Looking for some perspective on the health care issue, currently on the table in the U.S. Congress? John C. Goodman, President and CEO at the National Center for Policy Analysis received his Ph.D. in economics from Columbia University, and has taught and done research at Columbia University, Stanford University, Dartmouth College, Southern Methodist University and the University of Dallas. He writes regularly for such newspapers as the Wall Street Journal, USA Today, Investor’s Business Daily and the Los Angeles Times, and is the author of nine books, including Patient Power: The Free-Enterprise Alternative to Clinton’s Health Plan and Lives at Risk: Single-Payer National Health Insurance Around the World.
Goodman wrote a helpful overview essay for Imprimis this past March. An excerpt:
Prior to the 20th century, we handled risks with the help of family and extended family. In the 19th century, by the time a child was nine years old, he was usually paying his own way in the household. In effect, children were their parents’ retirement plan. But during the 20th century, families became smaller and more dispersed—thus less useful as insurance against risk. So people turned to government for help. In fact, the main reason why governments throughout the developed world have undergone such tremendous growth has been to insure middle class families against risks that they could not easily insure against on their own. This is why our government today is a major player in retirement, health care, disability and unemployment.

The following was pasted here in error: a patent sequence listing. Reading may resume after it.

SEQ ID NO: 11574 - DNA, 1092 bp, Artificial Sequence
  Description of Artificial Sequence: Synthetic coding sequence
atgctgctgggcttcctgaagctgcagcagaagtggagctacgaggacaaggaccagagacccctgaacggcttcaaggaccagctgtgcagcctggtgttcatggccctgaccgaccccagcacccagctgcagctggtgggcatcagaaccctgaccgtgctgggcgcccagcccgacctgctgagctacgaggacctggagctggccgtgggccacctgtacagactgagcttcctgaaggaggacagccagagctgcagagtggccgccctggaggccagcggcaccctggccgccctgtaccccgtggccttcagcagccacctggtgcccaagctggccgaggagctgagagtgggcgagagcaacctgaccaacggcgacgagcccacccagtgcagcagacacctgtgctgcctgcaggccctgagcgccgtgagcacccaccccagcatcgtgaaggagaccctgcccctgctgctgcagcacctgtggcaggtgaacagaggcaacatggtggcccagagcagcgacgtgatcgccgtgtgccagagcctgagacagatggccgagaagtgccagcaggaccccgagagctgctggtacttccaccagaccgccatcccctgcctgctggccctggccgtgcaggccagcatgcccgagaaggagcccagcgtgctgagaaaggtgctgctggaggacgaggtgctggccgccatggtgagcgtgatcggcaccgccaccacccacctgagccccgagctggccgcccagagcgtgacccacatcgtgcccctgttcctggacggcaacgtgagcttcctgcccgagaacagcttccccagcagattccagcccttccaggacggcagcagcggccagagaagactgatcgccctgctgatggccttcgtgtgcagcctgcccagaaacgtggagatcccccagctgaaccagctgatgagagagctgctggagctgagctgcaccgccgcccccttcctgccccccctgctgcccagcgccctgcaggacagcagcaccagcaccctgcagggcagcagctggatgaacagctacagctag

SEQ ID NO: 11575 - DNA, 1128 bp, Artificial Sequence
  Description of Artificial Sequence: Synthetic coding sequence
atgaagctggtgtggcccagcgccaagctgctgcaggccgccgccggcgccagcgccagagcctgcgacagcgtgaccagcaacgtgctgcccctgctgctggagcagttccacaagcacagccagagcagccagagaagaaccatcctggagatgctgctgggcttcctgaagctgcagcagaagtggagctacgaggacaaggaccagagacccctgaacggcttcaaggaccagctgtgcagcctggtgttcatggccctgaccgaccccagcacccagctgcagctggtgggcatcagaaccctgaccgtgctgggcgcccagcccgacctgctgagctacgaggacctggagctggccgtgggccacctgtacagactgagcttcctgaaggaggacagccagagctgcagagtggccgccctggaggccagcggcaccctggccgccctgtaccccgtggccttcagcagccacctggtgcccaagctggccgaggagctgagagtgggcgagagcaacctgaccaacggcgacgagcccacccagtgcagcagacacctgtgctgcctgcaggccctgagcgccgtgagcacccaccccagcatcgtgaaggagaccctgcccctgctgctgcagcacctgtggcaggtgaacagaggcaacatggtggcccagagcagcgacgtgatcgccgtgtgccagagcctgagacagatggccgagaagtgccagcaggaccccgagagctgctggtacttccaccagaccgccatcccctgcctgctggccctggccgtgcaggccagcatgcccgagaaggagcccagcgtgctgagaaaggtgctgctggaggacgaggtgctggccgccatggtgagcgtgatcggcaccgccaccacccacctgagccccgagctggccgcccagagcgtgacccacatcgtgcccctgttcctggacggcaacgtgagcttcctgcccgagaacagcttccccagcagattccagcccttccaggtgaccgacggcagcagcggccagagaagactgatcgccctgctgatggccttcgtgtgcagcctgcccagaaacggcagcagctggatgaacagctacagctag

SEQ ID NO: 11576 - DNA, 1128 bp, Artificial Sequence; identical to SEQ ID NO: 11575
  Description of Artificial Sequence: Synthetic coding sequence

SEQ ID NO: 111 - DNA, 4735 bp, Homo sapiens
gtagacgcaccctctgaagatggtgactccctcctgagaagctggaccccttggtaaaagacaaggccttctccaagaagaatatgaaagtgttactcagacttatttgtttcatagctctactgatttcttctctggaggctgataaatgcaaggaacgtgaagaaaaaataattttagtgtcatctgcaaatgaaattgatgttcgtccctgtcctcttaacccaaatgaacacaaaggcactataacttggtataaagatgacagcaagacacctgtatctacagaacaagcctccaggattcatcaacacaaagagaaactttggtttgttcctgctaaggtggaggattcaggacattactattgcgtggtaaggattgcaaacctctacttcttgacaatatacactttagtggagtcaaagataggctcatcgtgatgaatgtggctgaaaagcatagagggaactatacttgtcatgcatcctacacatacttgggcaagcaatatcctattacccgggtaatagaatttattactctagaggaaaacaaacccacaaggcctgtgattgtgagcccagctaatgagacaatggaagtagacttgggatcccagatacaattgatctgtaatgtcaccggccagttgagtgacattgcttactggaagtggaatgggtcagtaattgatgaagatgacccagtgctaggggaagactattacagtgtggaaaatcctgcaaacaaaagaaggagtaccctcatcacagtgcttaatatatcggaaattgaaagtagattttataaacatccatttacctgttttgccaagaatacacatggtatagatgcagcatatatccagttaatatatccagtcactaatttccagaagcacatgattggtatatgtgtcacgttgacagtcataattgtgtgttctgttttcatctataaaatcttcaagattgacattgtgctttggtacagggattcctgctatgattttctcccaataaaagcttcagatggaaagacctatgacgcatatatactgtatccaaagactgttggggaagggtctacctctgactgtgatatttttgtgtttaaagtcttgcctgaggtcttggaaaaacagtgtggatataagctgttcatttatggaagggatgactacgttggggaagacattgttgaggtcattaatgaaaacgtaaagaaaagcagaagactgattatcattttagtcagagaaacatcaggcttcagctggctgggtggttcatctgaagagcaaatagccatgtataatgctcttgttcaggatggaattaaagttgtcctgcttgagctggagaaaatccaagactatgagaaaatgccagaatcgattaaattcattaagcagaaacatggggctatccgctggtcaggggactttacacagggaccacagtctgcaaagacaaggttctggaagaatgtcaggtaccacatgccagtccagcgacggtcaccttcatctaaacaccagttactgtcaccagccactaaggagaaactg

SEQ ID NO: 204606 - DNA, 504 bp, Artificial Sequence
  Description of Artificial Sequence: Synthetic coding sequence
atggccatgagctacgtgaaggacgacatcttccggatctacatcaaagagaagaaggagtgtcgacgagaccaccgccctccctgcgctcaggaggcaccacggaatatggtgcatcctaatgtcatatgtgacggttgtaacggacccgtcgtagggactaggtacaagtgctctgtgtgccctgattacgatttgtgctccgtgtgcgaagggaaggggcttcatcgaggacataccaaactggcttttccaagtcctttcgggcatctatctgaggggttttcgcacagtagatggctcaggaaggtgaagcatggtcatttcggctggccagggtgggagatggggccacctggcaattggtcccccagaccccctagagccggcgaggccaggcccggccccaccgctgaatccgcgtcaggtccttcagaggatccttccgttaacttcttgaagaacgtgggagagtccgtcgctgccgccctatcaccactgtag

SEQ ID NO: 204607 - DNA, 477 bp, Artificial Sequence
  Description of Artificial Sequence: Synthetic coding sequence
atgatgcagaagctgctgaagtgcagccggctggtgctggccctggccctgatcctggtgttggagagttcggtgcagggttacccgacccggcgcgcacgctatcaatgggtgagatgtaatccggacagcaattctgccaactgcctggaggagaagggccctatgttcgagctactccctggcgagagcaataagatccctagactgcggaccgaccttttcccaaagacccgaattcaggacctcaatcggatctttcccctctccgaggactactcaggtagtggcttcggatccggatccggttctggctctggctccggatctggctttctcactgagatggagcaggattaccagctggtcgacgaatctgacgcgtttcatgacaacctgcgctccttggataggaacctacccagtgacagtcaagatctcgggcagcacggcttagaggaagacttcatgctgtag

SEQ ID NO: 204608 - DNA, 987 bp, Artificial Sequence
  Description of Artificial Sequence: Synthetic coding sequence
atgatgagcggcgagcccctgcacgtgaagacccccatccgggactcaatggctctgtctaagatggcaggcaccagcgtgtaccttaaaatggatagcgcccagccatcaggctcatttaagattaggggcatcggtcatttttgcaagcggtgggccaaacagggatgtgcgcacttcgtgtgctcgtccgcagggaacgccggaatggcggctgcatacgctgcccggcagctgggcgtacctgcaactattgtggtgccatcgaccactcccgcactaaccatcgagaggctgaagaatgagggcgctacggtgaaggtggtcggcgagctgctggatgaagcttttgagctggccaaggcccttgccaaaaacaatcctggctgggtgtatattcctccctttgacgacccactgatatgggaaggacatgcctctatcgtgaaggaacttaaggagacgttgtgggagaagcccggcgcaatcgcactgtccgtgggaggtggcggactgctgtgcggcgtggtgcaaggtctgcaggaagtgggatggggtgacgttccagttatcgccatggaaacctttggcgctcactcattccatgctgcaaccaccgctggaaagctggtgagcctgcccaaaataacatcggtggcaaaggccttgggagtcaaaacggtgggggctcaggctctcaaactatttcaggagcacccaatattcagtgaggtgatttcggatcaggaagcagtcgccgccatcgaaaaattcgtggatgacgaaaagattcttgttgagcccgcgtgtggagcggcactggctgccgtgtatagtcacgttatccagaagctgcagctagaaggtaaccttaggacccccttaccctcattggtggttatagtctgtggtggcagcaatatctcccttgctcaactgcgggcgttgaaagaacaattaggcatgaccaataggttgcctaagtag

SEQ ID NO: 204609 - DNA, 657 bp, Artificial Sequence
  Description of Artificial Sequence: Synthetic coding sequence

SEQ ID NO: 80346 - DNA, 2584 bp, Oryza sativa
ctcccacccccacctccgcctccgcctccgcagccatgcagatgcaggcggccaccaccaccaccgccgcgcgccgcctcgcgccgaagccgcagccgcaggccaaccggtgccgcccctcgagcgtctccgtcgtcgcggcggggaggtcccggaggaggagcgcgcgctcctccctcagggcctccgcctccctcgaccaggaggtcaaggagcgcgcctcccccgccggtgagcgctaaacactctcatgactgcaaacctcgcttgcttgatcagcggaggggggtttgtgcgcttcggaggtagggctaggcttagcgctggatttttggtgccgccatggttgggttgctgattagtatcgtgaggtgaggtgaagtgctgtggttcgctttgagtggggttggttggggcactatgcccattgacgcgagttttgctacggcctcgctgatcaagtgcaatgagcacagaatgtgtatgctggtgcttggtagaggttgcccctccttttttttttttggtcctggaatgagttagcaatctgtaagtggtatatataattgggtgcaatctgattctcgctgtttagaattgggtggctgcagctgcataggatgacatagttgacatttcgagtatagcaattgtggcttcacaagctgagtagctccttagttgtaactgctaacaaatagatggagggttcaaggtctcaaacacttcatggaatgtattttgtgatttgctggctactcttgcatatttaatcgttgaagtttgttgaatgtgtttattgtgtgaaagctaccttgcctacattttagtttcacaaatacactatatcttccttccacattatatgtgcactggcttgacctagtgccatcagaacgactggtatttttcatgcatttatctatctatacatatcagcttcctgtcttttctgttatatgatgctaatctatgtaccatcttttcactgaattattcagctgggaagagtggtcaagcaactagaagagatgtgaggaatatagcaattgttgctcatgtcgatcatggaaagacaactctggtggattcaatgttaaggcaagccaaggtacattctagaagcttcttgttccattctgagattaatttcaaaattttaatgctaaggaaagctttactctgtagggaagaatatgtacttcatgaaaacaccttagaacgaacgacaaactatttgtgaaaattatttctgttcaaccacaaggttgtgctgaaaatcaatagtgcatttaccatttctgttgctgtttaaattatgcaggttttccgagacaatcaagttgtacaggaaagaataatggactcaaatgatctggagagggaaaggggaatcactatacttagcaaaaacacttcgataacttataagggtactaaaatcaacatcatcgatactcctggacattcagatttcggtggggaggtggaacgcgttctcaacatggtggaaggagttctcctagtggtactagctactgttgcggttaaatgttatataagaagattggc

Government, however, has performed abysmally. It has spent money it doesn’t have and made promises it can’t keep, all on the backs of future taxpayers. The Trustees of Social Security estimate a current unfunded liability in excess of $100 trillion in 2009 dollars. This means that the federal government has promised more than $100 trillion over and above any taxes or premiums it expects to receive. In other words, for Social Security to be financially sound, the federal government should have $100 trillion—a sum of money six-and-a-half times the size of our entire economy—in the bank and earning interest right now. But it doesn’t. And while many believe that Social Security represents our greatest entitlement problem, Medicare is six times larger in terms of unfunded obligations. These numbers are admittedly based on future projections. But consider the situation in this light: What if we asked the federal government to account for its obligations the same way the private sector is forced to account for its pensions? In other words, if the federal government suddenly closed down Social Security and Medicare, how much would be owed in terms of benefits already earned? The answer is $52 trillion, an amount several times the size of the U.S. economy.
What does this mean for the future? We know that Social Security and Medicare have been spending more than they are taking in for quite some time. As the Baby Boomers start retiring, this deficit is going to grow dramatically. In 2012, only three years from now, Social Security and Medicare will need one out of every ten general income tax dollars to make up for their combined deficits. By 2020—just eleven years down the road—the federal government will need one out of every four income tax dollars to pay for these programs. By 2030, the midpoint of the Baby Boomer retirement years, it will require one of every two income tax dollars. So it is clear that the federal government will be forced either to scale back everything else it’s doing in a drastic way or raise taxes dramatically.
Read the whole thing.